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Cell type-specific epigenetic links to schizophrenia risk in the brain

Mendizabal, Isabel, Berto, Stefano, Usui, Noriyoshi, Toriumi, Kazuya, Chatterjee, Paramita, Douglas, Connor, Huh, Iksoo, Jeong, Hyeonsoo, Layman, Thomas, Tamminga, Carol A., Preuss, Todd M., Konopka, Genevieve, Yi, Soojin V.
Genome biology 2019 v.20 no.1 pp. 135
DNA methylation, brain, epigenetics, high-throughput nucleotide sequencing, neurons, oligodendroglia, patients, risk, schizophrenia, tissues, transcriptome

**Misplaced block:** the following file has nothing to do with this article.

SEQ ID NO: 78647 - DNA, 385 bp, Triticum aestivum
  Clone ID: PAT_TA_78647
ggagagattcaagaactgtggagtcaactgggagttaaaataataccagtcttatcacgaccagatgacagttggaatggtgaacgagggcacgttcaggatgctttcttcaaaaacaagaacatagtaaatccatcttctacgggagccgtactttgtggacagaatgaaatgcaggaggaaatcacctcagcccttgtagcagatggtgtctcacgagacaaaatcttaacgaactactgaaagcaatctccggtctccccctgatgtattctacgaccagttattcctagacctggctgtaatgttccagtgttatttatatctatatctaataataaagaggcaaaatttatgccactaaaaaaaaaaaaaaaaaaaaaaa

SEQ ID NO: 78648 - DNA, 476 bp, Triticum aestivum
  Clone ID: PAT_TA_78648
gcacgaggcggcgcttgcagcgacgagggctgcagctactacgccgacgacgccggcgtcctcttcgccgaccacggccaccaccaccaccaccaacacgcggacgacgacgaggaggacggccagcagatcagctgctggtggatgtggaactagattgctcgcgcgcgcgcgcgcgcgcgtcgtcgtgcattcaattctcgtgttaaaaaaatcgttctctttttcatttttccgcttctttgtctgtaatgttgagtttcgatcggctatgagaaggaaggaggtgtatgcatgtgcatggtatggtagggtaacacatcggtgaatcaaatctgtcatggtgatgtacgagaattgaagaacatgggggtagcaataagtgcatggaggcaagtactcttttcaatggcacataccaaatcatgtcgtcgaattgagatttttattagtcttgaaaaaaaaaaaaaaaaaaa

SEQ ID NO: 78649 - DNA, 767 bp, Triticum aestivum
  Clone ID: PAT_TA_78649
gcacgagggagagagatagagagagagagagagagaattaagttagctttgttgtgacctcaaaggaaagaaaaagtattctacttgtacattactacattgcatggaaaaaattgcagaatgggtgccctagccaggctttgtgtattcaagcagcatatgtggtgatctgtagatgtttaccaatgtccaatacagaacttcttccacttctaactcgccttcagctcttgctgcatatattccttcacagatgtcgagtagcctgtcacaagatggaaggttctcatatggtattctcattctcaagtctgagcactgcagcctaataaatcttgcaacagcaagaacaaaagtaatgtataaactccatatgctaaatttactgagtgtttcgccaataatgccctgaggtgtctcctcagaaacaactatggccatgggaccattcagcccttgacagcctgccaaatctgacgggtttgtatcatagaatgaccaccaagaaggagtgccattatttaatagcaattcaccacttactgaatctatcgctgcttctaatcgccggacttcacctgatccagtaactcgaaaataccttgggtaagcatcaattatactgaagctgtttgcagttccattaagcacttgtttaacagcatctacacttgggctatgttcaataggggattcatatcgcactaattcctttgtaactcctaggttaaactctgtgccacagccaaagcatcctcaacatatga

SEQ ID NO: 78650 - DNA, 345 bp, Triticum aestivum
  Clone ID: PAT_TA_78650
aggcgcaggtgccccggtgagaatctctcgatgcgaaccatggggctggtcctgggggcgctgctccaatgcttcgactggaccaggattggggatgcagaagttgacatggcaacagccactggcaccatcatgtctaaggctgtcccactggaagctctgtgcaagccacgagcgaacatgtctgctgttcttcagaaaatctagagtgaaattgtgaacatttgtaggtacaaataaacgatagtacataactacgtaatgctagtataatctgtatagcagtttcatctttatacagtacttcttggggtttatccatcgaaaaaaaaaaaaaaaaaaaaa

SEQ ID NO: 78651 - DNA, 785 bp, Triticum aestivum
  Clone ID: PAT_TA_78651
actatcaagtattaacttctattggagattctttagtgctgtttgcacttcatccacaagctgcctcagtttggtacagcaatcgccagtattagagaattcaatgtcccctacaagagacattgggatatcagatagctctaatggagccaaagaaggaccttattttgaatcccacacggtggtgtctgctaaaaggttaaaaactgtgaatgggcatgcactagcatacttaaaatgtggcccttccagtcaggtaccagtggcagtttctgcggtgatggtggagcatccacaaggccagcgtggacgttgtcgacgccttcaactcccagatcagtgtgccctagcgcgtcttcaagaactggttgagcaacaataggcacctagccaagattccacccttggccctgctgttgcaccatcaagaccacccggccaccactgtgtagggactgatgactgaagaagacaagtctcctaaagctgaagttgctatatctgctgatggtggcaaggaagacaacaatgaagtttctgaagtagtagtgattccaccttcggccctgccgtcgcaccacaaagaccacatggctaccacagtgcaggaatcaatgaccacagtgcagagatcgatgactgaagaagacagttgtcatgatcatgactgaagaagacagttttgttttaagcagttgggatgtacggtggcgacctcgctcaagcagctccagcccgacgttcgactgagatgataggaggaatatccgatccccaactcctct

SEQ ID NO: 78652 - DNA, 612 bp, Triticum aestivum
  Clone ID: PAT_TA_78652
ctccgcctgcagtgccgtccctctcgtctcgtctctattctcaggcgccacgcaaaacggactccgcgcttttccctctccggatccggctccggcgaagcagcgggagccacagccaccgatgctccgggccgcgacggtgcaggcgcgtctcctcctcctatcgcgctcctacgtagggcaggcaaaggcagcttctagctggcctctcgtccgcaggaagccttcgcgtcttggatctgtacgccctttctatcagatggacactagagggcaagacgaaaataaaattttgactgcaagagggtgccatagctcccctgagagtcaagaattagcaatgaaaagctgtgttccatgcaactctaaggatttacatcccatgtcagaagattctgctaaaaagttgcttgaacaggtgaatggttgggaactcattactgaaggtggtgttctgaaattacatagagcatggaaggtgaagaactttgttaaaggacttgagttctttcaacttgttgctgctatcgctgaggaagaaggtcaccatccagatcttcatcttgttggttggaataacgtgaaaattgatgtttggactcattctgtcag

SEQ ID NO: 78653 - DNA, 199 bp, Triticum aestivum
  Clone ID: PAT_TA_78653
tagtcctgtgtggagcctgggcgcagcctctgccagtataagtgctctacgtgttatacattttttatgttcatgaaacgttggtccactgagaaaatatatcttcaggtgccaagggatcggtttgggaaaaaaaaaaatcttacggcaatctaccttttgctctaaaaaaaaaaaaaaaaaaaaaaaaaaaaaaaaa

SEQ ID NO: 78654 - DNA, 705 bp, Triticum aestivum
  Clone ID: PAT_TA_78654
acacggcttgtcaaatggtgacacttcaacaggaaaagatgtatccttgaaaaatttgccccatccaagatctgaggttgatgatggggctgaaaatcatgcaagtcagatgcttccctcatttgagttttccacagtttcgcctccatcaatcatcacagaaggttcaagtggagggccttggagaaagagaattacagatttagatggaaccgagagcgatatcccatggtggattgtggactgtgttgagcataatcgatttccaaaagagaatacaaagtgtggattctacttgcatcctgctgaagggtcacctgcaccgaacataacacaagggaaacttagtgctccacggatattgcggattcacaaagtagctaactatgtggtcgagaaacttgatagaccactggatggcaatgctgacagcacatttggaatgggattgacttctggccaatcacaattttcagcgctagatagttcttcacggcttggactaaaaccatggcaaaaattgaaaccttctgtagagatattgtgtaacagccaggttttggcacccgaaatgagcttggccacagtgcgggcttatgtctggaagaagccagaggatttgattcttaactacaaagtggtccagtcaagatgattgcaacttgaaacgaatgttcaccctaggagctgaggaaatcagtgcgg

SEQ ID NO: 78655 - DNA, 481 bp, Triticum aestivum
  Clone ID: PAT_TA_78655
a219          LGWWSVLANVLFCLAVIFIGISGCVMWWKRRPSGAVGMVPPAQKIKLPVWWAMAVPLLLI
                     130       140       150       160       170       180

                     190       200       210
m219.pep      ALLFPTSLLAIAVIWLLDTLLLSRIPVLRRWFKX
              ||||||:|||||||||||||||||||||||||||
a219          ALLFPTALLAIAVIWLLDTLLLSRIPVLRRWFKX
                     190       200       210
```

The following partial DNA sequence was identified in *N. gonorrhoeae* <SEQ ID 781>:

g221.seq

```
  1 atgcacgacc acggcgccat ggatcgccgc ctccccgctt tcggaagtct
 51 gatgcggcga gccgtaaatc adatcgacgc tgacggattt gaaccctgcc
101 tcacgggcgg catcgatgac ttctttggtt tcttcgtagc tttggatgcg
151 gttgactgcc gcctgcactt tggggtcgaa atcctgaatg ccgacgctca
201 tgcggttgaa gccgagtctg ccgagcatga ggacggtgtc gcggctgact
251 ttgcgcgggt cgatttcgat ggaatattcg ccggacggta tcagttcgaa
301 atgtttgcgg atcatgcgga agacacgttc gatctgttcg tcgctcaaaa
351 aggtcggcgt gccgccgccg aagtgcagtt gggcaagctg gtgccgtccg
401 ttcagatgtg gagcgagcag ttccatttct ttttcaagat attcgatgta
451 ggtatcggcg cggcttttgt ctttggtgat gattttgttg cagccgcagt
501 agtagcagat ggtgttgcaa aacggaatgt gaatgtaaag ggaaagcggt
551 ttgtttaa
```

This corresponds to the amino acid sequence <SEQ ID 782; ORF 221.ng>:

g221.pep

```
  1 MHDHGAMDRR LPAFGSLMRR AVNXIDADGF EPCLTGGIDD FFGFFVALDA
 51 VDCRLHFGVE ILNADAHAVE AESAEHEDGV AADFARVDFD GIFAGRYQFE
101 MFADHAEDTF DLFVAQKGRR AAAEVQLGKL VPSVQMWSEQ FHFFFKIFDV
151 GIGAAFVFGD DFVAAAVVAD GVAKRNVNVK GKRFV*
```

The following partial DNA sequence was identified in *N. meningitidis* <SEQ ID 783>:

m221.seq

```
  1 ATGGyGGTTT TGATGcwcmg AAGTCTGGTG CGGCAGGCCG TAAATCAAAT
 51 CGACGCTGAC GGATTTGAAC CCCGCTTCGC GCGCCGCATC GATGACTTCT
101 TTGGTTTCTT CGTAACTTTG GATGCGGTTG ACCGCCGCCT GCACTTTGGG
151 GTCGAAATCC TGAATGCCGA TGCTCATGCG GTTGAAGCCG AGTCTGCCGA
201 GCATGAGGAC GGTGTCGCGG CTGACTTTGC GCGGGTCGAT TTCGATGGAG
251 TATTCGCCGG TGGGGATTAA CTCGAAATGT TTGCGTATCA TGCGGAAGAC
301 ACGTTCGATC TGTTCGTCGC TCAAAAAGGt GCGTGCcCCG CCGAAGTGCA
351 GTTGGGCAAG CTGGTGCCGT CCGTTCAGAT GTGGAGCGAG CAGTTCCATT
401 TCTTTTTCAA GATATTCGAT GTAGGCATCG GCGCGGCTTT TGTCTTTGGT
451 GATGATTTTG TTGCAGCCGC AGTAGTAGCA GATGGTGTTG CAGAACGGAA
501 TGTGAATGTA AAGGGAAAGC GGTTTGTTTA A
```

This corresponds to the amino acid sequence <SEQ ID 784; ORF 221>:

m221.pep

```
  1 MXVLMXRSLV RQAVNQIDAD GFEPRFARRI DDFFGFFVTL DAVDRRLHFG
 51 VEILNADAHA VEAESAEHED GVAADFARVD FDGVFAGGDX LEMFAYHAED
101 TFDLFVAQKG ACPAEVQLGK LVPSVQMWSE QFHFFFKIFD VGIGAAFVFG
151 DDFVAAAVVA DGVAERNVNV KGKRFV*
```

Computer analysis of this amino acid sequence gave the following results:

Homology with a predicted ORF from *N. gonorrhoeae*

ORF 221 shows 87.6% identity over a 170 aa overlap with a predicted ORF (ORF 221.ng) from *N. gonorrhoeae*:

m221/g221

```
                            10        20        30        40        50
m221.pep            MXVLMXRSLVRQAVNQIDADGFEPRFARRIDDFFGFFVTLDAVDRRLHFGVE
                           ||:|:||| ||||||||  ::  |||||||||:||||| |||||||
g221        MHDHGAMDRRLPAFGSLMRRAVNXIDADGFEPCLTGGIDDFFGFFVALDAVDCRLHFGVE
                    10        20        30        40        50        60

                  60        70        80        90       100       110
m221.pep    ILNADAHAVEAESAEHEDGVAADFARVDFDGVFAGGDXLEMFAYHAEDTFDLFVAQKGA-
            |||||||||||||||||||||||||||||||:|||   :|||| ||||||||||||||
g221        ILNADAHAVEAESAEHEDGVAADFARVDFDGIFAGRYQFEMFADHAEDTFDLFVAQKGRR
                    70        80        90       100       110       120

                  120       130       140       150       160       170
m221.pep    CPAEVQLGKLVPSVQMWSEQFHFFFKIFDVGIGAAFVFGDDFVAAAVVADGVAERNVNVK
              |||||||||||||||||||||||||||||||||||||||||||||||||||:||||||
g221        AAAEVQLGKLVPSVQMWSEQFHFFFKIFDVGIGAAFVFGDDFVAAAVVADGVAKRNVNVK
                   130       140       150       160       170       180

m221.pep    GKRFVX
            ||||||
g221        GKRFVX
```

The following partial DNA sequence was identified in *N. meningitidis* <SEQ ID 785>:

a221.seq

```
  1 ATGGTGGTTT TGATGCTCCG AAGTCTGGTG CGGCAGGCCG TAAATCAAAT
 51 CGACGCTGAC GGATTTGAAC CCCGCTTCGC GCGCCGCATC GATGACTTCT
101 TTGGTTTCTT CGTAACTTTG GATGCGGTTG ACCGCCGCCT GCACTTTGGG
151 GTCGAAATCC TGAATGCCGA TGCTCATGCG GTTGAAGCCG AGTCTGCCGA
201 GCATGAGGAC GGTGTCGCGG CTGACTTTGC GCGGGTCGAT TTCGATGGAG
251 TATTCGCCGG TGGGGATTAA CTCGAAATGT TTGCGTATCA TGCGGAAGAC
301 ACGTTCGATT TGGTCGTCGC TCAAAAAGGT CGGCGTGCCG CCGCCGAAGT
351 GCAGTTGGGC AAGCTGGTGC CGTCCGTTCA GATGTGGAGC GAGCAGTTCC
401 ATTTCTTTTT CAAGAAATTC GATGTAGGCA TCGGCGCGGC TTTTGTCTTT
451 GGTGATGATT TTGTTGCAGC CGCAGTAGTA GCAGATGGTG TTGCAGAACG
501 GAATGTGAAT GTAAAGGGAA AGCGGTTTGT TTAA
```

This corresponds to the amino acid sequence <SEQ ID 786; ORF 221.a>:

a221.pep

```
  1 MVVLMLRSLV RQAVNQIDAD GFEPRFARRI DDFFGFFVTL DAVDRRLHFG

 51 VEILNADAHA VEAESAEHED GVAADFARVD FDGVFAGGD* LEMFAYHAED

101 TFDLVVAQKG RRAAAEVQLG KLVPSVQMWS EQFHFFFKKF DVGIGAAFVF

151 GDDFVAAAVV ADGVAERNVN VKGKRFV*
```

BACKGROUND: The importance of cell type-specific epigenetic variation of non-coding regions in neuropsychiatric disorders is increasingly appreciated, yet data from disease brains are conspicuously lacking. We generate cell type-specific whole-genome methylomes (N = 95) and transcriptomes (N = 89) from neurons and oligodendrocytes obtained from brain tissue of patients with schizophrenia and matched controls. RESULTS: The methylomes of the two cell types are highly distinct, with the majority of differential DNA methylation occurring in non-coding regions. DNA methylation differences between cases and controls are subtle compared to cell type differences, yet robust against permuted data and validated in targeted deep-sequencing analyses. Differential DNA methylation between control and schizophrenia tends to occur in cell type differentially methylated sites, highlighting the significance of cell type-specific epigenetic dysregulation in a complex neuropsychiatric disorder. CONCLUSIONS: Our results provide novel and comprehensive methylome and transcriptome data from distinct cell populations within patient-derived brain tissues. This data clearly demonstrate that cell type epigenetic-differentiated sites are preferentially targeted by disease-associated epigenetic dysregulation. We further show reduced cell type epigenetic distinction in schizophrenia.